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QUICK TAKE: Keep An Eye On Level-Headed Spieth

Jordan Spieth has struggled at the Players Championship, but a more patient outlook could serve him well this week. (Photo: Brian Snyder, Reuters)

PONTE VEDRA BEACH, FLORIDA | Jordan Spieth approaches the Players Championship with the feelings of a man who is slightly overdrawn at the bank and has been summoned to a meeting with the manager there. He knows his credit is strong but that big cheque, the one that has been expected for weeks, has yet to arrive.

He has played little golf since the Masters (and only 11 tournaments this year) and what he has played has been spotty, missing the cut with partner Ryan Palmer in the two-man Zurich Classic of New Orleans and being prevented from intense practising at home in Dallas last week by bad weather.

Then there is the small matter of the venue over which the Players is played, the famed Stadium course at TPC Sawgrass. “I don’t have a great history the last few years here,” Spieth, the fourth-ranked player in the world, said of the tournament regarded as the fifth most important in the world.

“I feel like I’m free-wheeling,” he said. “I love this place, the golf course, but if you’re not on … there are a lot of small places not to go to. This is not a place to go out and try and force birdies. I am going to approach it from a more patient viewpoint this year.”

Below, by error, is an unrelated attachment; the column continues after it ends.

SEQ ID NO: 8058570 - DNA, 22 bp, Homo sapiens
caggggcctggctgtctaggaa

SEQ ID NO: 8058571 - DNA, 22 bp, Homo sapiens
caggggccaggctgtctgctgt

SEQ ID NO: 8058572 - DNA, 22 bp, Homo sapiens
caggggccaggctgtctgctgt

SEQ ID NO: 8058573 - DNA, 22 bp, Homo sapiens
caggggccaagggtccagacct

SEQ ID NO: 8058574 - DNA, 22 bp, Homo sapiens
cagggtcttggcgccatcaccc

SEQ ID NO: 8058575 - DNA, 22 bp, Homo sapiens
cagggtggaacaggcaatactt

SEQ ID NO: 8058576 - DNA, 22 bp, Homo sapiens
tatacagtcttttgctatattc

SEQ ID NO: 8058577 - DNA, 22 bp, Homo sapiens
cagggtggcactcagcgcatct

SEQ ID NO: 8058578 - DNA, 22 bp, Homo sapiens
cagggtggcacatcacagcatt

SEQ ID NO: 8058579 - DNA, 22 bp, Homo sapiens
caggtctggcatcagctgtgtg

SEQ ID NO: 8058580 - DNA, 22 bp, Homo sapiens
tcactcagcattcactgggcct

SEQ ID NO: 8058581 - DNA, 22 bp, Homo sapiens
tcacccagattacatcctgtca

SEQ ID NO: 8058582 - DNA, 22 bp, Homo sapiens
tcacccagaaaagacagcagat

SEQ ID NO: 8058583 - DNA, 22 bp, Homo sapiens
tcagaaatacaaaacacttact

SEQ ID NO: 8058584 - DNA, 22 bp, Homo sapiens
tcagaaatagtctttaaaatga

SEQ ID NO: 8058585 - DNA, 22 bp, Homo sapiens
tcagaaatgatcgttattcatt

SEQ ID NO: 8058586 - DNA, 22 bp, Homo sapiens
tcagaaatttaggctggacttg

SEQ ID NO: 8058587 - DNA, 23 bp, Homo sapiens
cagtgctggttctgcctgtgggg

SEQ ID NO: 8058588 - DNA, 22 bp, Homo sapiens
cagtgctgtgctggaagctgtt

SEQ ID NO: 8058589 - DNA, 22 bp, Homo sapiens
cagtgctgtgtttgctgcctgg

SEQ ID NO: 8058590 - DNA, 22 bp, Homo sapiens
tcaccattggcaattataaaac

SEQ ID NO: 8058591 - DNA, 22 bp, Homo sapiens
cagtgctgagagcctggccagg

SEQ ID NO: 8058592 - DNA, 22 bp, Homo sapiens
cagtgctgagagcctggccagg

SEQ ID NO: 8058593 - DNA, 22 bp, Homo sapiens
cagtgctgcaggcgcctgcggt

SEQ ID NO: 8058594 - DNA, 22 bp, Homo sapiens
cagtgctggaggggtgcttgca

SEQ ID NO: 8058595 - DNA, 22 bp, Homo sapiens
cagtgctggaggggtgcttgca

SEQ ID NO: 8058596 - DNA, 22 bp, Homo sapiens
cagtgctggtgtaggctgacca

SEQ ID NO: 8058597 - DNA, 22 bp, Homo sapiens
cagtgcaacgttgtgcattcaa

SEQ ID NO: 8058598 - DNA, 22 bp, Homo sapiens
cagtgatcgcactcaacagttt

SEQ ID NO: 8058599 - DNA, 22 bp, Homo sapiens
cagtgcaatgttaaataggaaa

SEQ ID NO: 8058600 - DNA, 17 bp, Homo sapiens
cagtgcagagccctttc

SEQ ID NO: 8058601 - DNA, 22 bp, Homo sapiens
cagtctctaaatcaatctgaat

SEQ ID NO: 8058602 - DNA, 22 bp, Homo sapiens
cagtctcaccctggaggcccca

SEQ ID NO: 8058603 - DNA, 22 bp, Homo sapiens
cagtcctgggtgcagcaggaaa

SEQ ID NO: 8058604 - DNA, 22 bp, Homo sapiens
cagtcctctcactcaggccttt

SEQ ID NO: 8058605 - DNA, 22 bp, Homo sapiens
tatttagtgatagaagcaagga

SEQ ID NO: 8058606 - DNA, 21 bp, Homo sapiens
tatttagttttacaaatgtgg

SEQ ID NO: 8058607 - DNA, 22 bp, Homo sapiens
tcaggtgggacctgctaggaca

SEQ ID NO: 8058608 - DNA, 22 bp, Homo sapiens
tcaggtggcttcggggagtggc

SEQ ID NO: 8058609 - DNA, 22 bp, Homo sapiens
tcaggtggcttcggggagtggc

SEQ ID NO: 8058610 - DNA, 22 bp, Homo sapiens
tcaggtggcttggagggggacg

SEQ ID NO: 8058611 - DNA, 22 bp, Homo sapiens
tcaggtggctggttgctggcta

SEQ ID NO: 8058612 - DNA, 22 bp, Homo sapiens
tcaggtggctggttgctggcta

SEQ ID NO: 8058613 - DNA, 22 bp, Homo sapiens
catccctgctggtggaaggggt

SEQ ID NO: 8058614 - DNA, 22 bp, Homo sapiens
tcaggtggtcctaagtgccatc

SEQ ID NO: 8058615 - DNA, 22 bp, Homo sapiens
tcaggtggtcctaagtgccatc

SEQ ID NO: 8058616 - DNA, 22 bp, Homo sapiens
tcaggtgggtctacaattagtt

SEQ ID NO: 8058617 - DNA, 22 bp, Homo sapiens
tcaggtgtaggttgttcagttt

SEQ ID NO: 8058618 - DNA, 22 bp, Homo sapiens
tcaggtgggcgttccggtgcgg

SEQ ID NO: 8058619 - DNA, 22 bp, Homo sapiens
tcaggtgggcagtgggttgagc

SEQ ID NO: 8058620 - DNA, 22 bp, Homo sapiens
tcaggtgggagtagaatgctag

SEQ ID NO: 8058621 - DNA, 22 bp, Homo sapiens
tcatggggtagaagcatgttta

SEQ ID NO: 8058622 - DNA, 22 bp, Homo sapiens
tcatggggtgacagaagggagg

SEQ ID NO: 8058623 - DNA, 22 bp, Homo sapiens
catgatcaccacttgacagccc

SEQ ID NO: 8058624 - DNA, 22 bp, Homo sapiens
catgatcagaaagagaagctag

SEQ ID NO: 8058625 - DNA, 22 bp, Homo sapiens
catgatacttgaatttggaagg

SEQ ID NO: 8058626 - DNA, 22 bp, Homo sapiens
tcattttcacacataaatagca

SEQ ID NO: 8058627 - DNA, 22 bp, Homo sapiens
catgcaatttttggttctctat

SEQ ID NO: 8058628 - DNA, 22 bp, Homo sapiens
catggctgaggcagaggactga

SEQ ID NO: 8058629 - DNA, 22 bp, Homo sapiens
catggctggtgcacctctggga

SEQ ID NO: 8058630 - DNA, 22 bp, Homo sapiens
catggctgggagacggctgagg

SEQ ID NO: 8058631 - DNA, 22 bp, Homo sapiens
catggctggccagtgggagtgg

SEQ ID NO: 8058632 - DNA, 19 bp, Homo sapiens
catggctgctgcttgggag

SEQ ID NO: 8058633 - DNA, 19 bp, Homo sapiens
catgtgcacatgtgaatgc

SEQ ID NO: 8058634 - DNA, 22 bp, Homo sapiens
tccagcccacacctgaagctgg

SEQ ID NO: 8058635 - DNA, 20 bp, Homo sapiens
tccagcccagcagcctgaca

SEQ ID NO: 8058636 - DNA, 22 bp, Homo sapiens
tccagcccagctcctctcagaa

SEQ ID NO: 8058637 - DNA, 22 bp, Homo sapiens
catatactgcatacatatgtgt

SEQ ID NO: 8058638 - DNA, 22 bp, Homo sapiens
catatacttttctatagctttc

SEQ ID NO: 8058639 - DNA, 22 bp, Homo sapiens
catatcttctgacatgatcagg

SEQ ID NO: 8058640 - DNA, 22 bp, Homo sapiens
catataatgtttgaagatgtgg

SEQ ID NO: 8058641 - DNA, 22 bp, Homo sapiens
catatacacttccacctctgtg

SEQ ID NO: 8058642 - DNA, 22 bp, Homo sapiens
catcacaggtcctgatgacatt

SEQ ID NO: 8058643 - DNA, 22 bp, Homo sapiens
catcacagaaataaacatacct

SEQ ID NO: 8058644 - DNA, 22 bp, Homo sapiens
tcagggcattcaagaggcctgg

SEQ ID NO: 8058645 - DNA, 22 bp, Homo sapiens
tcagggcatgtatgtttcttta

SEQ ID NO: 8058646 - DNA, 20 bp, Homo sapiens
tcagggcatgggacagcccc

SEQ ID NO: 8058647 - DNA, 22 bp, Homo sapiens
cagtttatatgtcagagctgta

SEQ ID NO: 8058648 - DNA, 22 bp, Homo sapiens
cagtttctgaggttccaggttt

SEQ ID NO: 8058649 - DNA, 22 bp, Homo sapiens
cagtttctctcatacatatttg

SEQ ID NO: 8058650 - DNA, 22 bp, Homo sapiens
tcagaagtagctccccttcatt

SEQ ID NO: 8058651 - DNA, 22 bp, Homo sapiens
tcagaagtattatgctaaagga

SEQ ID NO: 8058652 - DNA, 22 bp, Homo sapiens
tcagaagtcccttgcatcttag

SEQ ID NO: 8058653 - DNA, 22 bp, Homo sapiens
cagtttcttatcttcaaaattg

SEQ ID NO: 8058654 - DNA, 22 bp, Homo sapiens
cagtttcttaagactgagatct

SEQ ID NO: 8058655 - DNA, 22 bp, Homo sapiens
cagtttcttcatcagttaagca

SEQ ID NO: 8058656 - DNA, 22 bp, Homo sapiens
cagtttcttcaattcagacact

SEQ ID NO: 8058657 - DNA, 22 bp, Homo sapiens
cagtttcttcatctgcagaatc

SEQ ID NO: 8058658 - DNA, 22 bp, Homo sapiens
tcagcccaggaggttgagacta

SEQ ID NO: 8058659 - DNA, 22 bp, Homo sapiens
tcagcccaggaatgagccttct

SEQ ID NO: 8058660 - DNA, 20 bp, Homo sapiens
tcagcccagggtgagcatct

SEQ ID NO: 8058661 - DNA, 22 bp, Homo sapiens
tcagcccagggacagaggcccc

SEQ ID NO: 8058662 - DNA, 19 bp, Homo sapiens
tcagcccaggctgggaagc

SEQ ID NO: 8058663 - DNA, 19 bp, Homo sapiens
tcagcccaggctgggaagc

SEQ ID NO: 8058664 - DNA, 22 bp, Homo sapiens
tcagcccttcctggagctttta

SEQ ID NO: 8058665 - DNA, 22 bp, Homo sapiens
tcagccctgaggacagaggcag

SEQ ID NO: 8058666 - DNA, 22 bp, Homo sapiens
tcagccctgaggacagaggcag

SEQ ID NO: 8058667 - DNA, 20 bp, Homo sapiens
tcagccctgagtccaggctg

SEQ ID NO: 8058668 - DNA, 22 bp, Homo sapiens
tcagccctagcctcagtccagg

One of Spieth’s most striking aspects on a golf course is how composed he seems to be, even though he says his parents would describe him “ … as not level-headed.”

Spieth’s calmness in a tight corner was best demonstrated at the 13th hole in last year’s final round of the Open Championship when it looked as though he was going to hit one bad shot after another. In fact, though, he followed a bad drive with a series of brilliant strokes, playing his remaining five holes in 5-under par. That was what won him the handsome old trophy when moments earlier all had appeared to be lost.

No one navigates the Stadium course over 72 holes without misadventures here and there. It’s not that on Pete Dye’s course you have these places where a birdie can turn into a bogey, a bogey into a double bogey, so much as how you deal with them that counts.

Spieth is better equipped than most to deal with these vicissitudes. He is old for his age – he will be 25 at the end of July – and has a wise head on his young shoulders.

“Experience has led me to remain level-headed and thoughtful … to make the best decision possible” Spieth said. “I’ve gotten a lot better at the rebound from the bad shot.”

That means the rest of the field had better look out.


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